Invasive plant means the plant which is not native in an area or a country. They are exotic and introduced via various biotic or non-biotic agents. These exotic plants may be weeds of crop fields, ornamental plants or economic plants. Mainly through the food grain transportation all over world the plant species have been dispersed over world. After successful local establishment, some naturalized species disperse and produce viable offspring in areas distant from the sites of introduction. Such naturalized species are called invasive [1]. In India 173 species in 117 genera are invasive alien plants, representing 1% of the Indian flora [2]. International trade constitutes the primary cause of invasive species introduction [3] along with tourism, fisheries, agriculture, and forestry activities (FAO, 2001). About 40% of the Indian flora is alien, of which 25% are invasive species [4].

Adverse and beneficial both effects are found in case of invasive plant species. Invasive plant species makes endemic species defenceless, uncompetitive, and may result in world’s ecosystem dominated by few ultra-competitive, “super-species” [5]. Complex impact of IS (Invasive Spesies) involves ecological, social, and economic issues [6]. IS constitutes the second most serious threat to biodiversity habitat destruction [7]. During the last decade, IS were identified as the major influencing factors in India’s natural resource management [8]. The opportunity of accidental introductions may become more with rapidly increasing global commerce [9,10]. Invasive plant species are also valuable for human health [11]. Many people of East Midnapore use IPS (Invasive Plant Species) as medicinal plants. This present research deals about this matter.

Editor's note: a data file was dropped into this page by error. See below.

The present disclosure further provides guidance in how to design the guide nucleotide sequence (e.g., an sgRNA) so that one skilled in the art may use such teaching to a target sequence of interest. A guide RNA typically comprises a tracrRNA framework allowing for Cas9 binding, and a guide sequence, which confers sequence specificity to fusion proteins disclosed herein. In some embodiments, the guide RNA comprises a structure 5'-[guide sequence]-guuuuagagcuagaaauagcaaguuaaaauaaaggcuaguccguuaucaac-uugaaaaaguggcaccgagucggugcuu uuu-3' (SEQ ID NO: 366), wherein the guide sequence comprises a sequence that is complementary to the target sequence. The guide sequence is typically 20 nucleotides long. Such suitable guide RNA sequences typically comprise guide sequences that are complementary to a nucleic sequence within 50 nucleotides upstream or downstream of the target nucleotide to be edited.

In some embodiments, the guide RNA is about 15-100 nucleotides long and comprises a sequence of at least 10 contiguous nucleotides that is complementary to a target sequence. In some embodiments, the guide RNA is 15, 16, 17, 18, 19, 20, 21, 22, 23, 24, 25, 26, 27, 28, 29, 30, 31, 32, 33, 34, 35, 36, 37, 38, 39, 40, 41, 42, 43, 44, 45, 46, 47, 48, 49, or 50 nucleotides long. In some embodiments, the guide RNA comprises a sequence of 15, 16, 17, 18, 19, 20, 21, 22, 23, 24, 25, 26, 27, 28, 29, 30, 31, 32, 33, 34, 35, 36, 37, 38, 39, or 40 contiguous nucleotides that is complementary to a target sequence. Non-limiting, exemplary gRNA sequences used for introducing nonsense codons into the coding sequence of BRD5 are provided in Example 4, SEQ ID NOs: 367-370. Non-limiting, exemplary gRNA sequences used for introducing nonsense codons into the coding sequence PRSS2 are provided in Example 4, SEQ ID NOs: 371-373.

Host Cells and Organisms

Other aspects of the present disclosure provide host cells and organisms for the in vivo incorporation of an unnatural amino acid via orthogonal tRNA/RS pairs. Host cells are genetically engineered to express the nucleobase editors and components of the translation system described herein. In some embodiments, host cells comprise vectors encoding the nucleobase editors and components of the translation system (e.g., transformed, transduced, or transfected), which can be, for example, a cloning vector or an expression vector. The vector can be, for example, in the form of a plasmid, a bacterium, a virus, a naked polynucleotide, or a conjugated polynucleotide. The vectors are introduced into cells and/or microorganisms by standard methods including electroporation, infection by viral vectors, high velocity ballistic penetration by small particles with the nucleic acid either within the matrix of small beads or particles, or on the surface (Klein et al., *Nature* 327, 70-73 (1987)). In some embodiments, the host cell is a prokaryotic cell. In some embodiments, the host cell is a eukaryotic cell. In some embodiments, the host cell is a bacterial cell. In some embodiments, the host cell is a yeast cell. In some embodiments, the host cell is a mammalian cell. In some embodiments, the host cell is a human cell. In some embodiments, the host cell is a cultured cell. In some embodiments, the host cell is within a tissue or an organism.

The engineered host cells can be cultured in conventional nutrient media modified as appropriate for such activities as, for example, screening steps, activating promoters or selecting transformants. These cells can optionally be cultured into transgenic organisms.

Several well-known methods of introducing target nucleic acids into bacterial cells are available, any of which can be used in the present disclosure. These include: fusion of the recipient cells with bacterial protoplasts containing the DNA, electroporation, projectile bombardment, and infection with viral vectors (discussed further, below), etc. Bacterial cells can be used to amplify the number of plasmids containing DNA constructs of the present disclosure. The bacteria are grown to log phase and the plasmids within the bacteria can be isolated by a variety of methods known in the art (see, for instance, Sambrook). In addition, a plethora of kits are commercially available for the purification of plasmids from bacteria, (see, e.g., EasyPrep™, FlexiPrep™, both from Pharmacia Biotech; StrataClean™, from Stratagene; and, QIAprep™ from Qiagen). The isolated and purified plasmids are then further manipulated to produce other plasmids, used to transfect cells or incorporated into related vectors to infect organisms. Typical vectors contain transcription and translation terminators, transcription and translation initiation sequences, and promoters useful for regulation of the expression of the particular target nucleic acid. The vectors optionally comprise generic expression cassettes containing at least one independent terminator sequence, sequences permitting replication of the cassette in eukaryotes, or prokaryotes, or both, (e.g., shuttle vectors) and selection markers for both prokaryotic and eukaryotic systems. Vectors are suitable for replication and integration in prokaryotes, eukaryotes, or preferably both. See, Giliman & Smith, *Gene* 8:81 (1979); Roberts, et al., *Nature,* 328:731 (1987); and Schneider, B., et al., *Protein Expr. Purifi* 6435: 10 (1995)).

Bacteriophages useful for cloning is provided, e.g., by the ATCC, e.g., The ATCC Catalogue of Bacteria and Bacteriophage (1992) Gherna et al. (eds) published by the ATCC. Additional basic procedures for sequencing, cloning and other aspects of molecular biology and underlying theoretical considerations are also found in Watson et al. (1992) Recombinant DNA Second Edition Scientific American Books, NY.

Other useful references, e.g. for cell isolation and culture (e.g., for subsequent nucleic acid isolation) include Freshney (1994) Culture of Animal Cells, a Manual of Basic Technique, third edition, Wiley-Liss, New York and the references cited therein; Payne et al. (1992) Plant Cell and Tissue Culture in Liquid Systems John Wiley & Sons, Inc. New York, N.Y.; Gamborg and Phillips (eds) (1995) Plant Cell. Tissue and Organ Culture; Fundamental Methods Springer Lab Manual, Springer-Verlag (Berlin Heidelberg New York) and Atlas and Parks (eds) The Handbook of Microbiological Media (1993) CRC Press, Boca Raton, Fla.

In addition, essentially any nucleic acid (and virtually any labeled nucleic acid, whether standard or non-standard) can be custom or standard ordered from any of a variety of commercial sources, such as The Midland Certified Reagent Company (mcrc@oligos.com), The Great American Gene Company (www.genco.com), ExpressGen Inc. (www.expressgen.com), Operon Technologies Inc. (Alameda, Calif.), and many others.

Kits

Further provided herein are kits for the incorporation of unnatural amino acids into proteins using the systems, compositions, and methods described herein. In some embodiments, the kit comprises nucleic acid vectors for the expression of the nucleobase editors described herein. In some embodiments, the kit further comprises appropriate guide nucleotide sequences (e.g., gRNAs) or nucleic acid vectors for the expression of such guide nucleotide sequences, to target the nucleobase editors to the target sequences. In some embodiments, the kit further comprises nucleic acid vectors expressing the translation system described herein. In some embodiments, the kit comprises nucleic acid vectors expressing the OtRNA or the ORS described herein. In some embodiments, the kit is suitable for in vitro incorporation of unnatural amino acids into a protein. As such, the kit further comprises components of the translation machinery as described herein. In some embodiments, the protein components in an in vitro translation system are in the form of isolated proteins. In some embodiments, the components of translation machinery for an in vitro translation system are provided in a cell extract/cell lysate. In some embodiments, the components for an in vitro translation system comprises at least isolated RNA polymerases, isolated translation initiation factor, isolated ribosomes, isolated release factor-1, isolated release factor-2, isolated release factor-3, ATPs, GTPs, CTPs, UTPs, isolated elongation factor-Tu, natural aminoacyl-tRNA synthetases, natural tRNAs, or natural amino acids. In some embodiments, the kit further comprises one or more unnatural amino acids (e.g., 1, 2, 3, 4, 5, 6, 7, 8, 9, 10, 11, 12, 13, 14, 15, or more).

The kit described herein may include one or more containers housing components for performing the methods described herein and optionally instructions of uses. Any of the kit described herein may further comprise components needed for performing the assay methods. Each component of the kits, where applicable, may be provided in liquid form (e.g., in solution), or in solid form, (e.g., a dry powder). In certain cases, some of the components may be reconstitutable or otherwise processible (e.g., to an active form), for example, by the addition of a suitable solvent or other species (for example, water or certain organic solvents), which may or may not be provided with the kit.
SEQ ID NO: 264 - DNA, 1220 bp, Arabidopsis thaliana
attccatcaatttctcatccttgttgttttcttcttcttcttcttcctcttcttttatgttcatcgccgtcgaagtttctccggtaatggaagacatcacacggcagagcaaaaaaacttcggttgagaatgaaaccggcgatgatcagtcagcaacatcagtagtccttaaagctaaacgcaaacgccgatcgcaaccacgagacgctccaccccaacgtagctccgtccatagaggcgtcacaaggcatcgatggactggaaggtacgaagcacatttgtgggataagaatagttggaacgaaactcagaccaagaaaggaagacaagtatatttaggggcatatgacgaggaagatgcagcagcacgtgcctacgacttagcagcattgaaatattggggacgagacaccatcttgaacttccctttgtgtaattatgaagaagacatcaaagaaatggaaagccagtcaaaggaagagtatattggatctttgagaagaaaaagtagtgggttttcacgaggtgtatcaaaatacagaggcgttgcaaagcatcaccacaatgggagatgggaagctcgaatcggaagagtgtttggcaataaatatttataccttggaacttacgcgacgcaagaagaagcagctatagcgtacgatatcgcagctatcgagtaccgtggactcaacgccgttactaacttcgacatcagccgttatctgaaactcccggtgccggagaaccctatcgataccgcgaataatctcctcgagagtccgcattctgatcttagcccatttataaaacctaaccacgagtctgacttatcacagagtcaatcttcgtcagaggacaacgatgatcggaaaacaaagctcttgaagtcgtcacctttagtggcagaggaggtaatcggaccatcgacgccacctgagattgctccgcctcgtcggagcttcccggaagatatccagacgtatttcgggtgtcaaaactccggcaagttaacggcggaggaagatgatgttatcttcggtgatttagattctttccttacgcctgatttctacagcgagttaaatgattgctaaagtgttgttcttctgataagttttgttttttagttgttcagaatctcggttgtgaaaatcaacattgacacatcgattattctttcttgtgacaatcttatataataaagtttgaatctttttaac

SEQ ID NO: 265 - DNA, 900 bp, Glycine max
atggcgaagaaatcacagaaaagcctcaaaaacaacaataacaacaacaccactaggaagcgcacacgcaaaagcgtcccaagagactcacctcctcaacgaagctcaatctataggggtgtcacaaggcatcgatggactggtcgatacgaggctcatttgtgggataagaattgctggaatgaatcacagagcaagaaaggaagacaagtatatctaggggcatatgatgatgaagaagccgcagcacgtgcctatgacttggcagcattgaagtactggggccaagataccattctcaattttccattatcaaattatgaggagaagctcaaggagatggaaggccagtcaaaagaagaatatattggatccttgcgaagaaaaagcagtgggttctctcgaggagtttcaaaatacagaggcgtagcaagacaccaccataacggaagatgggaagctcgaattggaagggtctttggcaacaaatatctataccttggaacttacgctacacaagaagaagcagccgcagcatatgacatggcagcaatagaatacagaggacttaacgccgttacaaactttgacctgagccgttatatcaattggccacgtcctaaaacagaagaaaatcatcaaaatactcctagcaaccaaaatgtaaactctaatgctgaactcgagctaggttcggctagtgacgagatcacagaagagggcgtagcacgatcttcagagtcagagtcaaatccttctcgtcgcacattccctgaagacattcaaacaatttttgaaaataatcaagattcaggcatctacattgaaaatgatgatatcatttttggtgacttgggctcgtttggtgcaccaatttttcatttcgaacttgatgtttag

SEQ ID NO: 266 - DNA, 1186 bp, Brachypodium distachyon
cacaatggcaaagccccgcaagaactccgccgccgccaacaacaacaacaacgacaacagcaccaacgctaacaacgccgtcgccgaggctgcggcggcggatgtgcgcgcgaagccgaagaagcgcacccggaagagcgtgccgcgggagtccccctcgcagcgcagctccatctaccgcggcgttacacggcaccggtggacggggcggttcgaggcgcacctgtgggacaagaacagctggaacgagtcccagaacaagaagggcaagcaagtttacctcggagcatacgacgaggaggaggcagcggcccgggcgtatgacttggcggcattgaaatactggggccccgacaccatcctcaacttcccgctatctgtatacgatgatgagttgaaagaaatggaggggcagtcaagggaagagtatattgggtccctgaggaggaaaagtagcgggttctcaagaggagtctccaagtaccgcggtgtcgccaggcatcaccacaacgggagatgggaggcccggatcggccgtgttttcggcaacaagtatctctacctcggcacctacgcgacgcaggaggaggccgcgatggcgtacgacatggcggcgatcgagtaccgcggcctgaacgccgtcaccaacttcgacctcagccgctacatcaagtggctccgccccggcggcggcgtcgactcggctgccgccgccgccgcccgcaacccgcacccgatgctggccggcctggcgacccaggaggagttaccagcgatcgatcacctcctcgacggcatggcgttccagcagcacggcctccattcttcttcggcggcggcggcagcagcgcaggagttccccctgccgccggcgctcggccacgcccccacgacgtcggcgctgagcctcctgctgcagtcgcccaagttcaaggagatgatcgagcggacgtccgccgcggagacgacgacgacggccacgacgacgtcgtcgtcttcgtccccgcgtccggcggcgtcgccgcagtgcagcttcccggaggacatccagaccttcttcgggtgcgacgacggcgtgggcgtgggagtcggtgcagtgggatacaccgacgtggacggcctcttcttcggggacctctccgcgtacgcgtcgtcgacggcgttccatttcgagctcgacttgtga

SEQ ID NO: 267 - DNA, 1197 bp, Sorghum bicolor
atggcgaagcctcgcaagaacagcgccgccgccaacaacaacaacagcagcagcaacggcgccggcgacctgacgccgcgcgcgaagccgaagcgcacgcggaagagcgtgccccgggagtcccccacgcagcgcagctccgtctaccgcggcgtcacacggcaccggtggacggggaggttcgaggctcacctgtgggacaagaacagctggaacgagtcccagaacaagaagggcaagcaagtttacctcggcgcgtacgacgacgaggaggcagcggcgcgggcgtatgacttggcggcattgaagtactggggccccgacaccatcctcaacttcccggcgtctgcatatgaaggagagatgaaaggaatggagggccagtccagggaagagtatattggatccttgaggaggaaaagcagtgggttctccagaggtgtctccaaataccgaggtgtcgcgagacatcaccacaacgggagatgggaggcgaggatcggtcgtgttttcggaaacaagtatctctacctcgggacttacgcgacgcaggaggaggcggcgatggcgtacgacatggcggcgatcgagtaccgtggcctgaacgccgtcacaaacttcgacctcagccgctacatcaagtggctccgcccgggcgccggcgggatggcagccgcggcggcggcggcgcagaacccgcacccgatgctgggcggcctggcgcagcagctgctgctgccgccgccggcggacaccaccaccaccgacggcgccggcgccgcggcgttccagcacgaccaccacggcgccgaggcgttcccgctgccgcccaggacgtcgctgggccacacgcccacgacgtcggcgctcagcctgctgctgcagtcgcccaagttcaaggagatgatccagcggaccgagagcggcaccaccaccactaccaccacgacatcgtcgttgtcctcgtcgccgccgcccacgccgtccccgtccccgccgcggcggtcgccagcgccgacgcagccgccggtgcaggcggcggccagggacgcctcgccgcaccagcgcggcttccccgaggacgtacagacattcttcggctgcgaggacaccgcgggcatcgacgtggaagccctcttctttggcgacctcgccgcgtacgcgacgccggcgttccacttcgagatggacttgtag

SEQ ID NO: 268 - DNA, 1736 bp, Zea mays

The geographical coordinates of the district headquarter is 21° 56’ 14.24’’ N latitude and 87° 46’ 34.80’’ E longitude and altitude is 6 m. Purba Medinipur is a district of West Bengal. It is situated by the Bay of Bengal and is surrounded by the Bay of Bengal and Balasore district of Odisha State in its South, Paschim Medinipur in its West, Howrah district in the North and South 24 Parganas in the East. Average annual temperature of this district is ~25°C and average annual rainfall is 1746.6 mm.